THERE MAY be no Olympic squad more in need of ice-breakers than USA Baseball, whose members first practiced together on July 29 and who will head to China having had just two practices and played only four exhibition games. The team held a meeting on Aug. 1 at Cary's Umstead Hotel so that the players could introduce themselves to one another. Double A slugger Matt LaPorta, who became Team USA's most high-profile player after being shipped from the Brewers to the Indians for pitcher C.C. Sabathia last month, thanked the committee for selecting him, saying that the team was "playing in Beijing for every baseball player in the country." In the same room was 20-year-old San Diego State fireballer Stephen Strasburg, the first collegian to make the U.S. Olympic baseball team since rosters were opened to pros in '99 (Strasburg may be the No. 1 pick in the '09 draft), as well as 32-year-old Brandon Knight, who had started for the Mets the previous Saturday in place of Pedro Martinez, was designated for assignment the next day, cleared waivers and boarded a plane to join Team USA. Another veteran pitcher, 31-year-old Jeremy Cummings, was released on Easter Sunday by the Blue Jays, then shipped off to Taiwan for two months, later caught on with the Durham Bulls in Triple A and finally earned one of the U.S. team's last roster spots. Johnson, a major league second baseman for 13 years, used his own speech to joke about his stint "protecting" Hank Aaron in the Braves' lineup during the Hammer's march toward 715 in '74.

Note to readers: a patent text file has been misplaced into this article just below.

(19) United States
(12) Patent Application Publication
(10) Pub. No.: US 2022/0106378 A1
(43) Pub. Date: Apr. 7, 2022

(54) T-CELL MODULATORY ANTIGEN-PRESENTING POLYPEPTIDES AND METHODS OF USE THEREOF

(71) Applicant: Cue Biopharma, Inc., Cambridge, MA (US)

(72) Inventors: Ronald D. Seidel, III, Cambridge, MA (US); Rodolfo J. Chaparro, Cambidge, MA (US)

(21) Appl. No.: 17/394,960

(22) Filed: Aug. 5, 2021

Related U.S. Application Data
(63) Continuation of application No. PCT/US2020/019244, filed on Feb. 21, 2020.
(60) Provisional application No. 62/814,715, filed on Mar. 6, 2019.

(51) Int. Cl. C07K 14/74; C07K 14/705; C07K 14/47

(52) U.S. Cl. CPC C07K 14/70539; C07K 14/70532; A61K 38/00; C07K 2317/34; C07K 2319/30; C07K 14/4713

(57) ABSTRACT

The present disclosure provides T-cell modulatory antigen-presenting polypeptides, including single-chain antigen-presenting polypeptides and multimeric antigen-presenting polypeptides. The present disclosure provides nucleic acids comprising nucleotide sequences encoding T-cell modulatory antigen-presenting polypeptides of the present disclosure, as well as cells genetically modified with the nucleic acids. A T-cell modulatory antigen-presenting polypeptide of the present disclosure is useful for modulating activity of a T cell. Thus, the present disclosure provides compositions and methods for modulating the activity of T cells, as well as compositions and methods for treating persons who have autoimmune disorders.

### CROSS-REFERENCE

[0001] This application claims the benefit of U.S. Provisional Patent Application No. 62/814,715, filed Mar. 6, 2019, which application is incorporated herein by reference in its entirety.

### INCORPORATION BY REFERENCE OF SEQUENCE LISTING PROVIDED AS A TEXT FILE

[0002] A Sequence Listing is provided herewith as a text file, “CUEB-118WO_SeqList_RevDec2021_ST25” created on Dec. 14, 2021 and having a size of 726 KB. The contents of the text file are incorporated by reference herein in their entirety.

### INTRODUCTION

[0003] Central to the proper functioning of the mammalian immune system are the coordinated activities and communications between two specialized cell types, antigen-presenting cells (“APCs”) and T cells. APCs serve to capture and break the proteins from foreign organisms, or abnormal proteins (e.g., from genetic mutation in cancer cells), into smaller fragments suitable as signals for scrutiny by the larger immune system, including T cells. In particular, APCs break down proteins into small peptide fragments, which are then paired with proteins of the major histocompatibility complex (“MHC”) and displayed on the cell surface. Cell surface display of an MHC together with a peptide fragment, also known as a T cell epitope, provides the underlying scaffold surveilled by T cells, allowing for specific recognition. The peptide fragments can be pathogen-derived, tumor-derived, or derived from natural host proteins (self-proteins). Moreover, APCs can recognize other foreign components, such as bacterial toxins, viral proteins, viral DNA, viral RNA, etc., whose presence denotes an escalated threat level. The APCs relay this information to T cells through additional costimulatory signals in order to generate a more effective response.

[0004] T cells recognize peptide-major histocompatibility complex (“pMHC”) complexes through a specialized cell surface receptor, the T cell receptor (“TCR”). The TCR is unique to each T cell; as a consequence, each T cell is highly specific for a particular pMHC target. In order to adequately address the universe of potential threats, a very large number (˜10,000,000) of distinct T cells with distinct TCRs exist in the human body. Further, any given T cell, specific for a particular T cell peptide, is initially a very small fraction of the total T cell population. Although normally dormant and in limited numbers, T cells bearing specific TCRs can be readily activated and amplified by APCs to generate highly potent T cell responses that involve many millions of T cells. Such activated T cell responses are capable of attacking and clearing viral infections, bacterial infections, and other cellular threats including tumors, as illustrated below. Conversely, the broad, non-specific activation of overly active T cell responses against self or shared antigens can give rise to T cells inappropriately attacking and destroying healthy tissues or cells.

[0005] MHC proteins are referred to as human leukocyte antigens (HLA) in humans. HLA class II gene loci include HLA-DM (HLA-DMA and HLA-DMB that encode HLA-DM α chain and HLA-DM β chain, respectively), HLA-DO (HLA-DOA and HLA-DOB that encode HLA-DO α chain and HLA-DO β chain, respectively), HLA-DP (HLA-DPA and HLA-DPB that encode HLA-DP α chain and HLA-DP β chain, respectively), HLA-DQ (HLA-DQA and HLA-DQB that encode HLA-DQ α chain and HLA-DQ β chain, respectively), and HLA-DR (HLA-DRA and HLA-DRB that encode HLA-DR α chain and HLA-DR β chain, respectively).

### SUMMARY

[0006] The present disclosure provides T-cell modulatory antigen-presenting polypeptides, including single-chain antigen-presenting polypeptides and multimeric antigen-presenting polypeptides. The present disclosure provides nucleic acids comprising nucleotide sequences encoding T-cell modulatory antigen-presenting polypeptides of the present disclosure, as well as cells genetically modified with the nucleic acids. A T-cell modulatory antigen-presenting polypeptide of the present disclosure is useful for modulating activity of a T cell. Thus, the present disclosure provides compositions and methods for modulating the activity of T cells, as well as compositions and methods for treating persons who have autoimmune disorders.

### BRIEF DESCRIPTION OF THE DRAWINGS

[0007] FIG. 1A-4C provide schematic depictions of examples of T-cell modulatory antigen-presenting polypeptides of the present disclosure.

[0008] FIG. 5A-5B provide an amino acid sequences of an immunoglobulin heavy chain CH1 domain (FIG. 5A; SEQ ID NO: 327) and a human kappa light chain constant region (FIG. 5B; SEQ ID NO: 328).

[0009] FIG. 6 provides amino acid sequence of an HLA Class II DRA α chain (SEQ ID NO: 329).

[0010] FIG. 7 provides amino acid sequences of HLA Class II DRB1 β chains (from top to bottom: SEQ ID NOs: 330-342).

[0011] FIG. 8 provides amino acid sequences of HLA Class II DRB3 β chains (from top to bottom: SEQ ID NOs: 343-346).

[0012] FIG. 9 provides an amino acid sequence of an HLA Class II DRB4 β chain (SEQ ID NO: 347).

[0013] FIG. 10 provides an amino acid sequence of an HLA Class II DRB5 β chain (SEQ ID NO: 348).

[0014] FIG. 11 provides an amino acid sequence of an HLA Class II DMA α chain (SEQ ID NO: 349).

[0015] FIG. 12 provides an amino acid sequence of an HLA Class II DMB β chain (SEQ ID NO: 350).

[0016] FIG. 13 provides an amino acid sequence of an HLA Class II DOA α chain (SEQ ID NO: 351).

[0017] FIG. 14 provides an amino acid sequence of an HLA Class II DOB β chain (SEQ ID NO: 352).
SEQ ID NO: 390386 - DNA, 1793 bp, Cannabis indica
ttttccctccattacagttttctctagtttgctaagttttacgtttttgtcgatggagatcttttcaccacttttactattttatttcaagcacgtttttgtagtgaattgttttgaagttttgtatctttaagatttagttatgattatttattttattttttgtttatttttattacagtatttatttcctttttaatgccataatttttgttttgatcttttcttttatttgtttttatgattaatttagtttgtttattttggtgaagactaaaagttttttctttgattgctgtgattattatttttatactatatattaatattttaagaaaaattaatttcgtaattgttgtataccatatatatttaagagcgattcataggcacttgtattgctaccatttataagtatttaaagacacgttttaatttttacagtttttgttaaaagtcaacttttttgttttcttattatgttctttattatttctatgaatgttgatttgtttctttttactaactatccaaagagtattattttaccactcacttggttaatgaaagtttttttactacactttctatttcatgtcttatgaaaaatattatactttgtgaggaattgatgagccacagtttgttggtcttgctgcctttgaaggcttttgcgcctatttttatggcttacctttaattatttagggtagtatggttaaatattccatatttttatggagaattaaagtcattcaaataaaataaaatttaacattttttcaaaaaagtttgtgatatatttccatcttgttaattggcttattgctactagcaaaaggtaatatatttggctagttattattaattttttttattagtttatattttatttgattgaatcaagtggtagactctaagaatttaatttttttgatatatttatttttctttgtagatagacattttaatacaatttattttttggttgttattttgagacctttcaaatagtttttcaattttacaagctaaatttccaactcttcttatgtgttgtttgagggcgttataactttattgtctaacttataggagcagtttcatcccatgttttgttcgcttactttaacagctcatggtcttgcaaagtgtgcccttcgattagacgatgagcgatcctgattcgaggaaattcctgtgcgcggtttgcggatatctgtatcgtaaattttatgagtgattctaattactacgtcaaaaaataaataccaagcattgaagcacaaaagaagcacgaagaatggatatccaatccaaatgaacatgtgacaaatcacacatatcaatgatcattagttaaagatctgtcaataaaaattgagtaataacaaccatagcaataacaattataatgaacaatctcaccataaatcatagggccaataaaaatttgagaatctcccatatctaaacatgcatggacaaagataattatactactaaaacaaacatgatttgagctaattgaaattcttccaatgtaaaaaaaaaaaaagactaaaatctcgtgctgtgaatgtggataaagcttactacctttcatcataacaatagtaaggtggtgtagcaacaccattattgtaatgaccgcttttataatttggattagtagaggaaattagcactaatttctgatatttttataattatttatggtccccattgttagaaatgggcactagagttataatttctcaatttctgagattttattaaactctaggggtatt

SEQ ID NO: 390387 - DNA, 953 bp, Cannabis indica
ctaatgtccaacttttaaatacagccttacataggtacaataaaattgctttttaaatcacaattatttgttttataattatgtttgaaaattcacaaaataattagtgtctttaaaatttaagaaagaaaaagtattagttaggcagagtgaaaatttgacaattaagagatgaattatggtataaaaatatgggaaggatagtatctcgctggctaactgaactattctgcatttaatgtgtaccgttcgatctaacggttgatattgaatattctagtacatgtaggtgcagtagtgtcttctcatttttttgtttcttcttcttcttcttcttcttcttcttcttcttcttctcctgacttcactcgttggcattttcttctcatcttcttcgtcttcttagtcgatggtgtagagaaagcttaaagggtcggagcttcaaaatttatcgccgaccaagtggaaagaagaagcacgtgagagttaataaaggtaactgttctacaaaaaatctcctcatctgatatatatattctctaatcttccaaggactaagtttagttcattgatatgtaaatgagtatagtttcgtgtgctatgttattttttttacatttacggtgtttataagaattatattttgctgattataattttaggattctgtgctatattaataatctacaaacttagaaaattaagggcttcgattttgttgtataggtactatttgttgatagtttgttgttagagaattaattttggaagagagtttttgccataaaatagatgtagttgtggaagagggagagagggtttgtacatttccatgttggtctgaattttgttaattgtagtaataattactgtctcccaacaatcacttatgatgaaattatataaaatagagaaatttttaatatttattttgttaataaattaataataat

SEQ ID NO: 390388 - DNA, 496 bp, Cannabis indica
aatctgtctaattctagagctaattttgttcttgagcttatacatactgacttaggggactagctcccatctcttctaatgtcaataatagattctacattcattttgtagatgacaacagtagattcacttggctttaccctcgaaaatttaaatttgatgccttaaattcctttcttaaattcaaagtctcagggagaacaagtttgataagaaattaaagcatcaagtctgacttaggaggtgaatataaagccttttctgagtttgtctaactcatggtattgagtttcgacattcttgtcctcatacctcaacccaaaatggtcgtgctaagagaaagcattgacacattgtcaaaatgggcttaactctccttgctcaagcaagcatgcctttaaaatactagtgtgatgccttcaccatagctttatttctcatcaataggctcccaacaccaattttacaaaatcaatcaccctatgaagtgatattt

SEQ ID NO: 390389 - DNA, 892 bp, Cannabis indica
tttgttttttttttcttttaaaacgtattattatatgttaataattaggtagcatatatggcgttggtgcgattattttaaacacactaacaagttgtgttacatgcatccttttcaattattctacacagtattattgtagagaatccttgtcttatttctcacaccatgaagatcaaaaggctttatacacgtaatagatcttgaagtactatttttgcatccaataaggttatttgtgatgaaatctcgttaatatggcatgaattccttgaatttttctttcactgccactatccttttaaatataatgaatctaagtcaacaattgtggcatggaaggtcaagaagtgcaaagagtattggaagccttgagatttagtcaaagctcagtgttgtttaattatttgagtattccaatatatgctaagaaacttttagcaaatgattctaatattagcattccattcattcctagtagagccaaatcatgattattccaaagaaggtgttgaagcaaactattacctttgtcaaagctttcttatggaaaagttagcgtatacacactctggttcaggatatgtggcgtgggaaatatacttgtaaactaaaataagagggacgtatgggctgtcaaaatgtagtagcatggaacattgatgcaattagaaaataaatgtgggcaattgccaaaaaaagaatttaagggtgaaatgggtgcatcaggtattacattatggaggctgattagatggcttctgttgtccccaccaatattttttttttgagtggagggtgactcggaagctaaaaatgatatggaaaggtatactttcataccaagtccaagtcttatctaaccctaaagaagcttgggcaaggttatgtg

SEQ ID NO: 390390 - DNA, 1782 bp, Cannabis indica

For a manager who admitted to burnout after leaving L.A., coaching the U.S. team which Johnson has done since 2005, serves as a low-dosage baseball fix without all the annoyances of the big leagues. "There's a purity in this for Davey," says USA Baseball executive director Paul Seiler. "There's pressure to win, but it's a patriotic pressure, not the kind you get from an owner or a G.M."